I really enjoyed the outcome of posting in Cyberpunk, but for a long time, I couldn’t understand what Redditors of that subreddit want to see there. Some of my artworks had thousands of upvotes and were in the Hot section for over a week. But when I started to improve and experiment with real 3d clothing, my works didn’t have much traction. They had a small number of upvotes and 0 comments. I enjoy even negative ones. Someone said that one of my helmets looked like a vagina, I jokingly said that he’s probably twelve. Sometimes artists question themselves why they are still doing it? Each answer is different. But don’t do it for the likes. Or to rephrase it: do it even if there are no likes.
Also, each 3D artist must understand his audience since he won’t be able to grow if he does all his art for himself.
For almost two years, I was making a couple of artworks a month, these days, I can post them daily. However, most of the time I’m using my old helmet/bust designs, that I was creating my whole journey.
Even back then, I was told that those designs weren’t good, but my rendering/material matching skills have improved and, in different environments, lighting plus Machine56/Holy Grail clothes even those helmets start looking good. These days, it became clear that I shouldn’t have focused on helmet/busts modeling. Now, to make more rich characters and tell different stories, I can use photo bashing!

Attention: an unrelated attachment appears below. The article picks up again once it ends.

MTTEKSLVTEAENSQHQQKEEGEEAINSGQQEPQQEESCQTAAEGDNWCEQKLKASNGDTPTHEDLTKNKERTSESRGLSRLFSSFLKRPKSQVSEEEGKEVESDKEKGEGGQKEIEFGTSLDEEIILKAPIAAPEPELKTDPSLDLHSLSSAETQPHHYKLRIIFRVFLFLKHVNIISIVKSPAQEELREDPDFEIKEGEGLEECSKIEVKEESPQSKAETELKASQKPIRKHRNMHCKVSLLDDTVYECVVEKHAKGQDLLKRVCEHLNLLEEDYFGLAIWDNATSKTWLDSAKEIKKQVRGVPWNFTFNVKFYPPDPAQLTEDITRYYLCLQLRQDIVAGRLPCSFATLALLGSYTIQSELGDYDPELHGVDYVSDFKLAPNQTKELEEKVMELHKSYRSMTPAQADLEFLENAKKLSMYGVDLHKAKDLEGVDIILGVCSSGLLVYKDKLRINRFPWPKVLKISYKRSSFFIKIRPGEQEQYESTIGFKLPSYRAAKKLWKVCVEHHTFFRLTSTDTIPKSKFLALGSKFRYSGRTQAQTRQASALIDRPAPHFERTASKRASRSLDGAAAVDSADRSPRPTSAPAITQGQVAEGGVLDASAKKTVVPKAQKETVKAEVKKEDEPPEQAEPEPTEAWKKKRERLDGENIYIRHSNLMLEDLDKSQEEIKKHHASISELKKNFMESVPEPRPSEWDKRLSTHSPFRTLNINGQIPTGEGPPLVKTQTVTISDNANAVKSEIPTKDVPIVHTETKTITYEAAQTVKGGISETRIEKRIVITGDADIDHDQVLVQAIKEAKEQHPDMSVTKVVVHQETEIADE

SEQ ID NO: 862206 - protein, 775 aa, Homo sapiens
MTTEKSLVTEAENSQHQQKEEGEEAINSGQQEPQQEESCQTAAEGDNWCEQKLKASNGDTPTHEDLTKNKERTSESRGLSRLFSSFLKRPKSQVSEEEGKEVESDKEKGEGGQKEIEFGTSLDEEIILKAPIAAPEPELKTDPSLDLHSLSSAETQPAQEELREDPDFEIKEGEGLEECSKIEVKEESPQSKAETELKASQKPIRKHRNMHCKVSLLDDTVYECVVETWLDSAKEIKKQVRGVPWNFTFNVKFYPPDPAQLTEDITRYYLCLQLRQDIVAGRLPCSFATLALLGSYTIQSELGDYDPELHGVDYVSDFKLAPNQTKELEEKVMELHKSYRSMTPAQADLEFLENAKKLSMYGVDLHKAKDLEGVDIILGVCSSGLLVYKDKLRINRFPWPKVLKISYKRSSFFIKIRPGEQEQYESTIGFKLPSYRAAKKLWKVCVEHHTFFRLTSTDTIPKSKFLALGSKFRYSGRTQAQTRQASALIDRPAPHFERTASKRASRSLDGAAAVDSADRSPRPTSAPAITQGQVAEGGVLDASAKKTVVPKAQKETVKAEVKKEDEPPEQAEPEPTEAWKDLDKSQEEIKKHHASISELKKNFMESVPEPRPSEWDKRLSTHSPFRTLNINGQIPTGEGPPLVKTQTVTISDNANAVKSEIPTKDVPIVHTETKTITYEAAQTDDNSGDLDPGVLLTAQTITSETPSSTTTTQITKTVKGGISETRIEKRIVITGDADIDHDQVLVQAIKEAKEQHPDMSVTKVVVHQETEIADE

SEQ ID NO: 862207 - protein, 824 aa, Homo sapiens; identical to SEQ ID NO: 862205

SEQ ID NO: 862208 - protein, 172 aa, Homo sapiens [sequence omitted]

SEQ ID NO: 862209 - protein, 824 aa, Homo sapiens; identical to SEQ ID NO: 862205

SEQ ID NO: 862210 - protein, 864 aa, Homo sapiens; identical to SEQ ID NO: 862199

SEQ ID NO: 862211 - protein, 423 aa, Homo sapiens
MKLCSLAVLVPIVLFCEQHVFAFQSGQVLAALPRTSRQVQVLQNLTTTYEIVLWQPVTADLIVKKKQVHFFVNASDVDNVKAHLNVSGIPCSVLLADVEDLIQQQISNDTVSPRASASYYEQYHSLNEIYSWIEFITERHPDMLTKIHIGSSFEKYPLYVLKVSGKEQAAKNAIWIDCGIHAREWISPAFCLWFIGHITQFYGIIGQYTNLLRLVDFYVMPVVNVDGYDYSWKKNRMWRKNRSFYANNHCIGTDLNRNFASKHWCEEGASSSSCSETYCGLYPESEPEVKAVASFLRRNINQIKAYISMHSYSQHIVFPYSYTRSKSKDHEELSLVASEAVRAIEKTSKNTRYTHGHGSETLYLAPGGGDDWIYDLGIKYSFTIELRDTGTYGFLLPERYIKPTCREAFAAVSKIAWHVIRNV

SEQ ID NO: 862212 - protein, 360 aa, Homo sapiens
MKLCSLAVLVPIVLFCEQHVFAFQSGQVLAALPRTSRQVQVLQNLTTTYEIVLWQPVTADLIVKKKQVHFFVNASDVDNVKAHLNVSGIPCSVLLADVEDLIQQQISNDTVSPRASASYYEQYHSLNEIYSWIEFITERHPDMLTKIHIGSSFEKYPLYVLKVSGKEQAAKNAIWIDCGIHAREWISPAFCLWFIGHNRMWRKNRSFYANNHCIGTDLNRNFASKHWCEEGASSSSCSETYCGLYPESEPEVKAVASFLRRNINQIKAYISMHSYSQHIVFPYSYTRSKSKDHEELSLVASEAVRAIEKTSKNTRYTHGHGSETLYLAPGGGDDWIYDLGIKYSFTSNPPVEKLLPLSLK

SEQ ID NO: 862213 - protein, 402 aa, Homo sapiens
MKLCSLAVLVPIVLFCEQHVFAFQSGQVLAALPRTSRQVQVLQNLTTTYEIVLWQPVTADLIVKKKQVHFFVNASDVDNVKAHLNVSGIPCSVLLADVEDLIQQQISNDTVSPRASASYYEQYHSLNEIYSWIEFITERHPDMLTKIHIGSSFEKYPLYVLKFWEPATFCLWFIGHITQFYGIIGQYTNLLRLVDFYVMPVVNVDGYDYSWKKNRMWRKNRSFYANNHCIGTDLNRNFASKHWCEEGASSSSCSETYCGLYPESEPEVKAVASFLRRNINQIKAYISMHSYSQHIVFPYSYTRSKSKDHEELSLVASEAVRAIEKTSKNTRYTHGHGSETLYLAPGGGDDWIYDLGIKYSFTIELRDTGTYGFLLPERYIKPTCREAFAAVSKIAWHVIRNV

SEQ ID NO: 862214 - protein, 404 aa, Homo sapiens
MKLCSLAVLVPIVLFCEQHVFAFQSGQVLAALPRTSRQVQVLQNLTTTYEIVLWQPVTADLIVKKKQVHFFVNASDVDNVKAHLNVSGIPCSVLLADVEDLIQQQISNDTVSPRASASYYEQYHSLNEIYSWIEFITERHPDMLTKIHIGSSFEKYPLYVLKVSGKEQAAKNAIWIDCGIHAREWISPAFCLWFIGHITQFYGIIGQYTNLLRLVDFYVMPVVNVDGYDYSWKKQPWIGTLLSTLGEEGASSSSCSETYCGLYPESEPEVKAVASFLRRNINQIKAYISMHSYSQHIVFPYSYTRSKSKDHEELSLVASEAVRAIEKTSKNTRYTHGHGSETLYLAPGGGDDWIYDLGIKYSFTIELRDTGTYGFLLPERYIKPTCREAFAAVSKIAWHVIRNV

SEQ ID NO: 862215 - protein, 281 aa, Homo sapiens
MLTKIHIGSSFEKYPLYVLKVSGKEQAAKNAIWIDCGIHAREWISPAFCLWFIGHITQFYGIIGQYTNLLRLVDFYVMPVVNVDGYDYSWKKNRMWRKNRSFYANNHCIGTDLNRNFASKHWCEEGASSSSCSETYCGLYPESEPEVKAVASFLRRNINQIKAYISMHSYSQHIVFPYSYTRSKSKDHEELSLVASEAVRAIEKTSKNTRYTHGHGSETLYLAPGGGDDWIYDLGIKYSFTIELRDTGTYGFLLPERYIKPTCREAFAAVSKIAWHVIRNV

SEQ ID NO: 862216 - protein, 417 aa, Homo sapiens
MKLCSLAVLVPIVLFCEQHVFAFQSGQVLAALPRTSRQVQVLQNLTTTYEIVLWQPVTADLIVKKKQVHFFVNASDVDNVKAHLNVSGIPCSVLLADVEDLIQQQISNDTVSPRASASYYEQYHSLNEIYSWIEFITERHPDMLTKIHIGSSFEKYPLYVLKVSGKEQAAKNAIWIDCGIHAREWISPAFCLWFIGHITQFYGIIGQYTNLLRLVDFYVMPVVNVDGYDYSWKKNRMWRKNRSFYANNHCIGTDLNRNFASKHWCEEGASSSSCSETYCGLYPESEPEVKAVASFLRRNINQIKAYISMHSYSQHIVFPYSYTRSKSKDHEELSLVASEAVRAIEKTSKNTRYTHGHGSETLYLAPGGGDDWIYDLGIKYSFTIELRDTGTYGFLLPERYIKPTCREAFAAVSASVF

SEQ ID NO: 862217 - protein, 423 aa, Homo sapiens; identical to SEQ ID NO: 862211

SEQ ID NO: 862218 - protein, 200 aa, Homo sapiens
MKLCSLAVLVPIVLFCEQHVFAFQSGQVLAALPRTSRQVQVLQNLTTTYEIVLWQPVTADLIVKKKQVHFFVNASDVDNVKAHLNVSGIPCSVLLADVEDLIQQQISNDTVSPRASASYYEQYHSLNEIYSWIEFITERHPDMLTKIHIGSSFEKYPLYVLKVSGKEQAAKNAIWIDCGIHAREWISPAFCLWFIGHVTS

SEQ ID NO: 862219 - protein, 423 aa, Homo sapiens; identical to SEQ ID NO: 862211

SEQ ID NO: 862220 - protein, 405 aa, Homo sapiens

To try this approach, I was very influenced by Abrar Khan's works. He does a lot of photo bashing/drawing/3d modeling for one piece. Basically, he uses a great practical(?) photo and adds a lot of cyberpunk attributes to it. They look awesome. However, when you’re working with a human face, it’s really tricky to match symmetry/perspective. This is why I don’t use faces yet. I basically cut them out.
Receiving the Feedback
The main part is not to be scared of critique. I had a lot of it, especially, in the beginning, it was rawer. Sometimes, it forced me to take breaks from the creative process, but when I got back it, really made me try harder. Even though I work in relatively small timeframes(2-4hrs + additional renders).
Also, I’ve met a lot of people, who thought that I should try something different, like a spaceship or an assault rifle. I tried, but it didn’t make me happy.
Sorry for sounding pretentious, but I have always tried to create some kind of story, but not game-ready models that can be sold on TurboSquid, etc. Just created some kind of character, and quite fast. I can’t work on the same model for a week or even a month. I’m not that patient.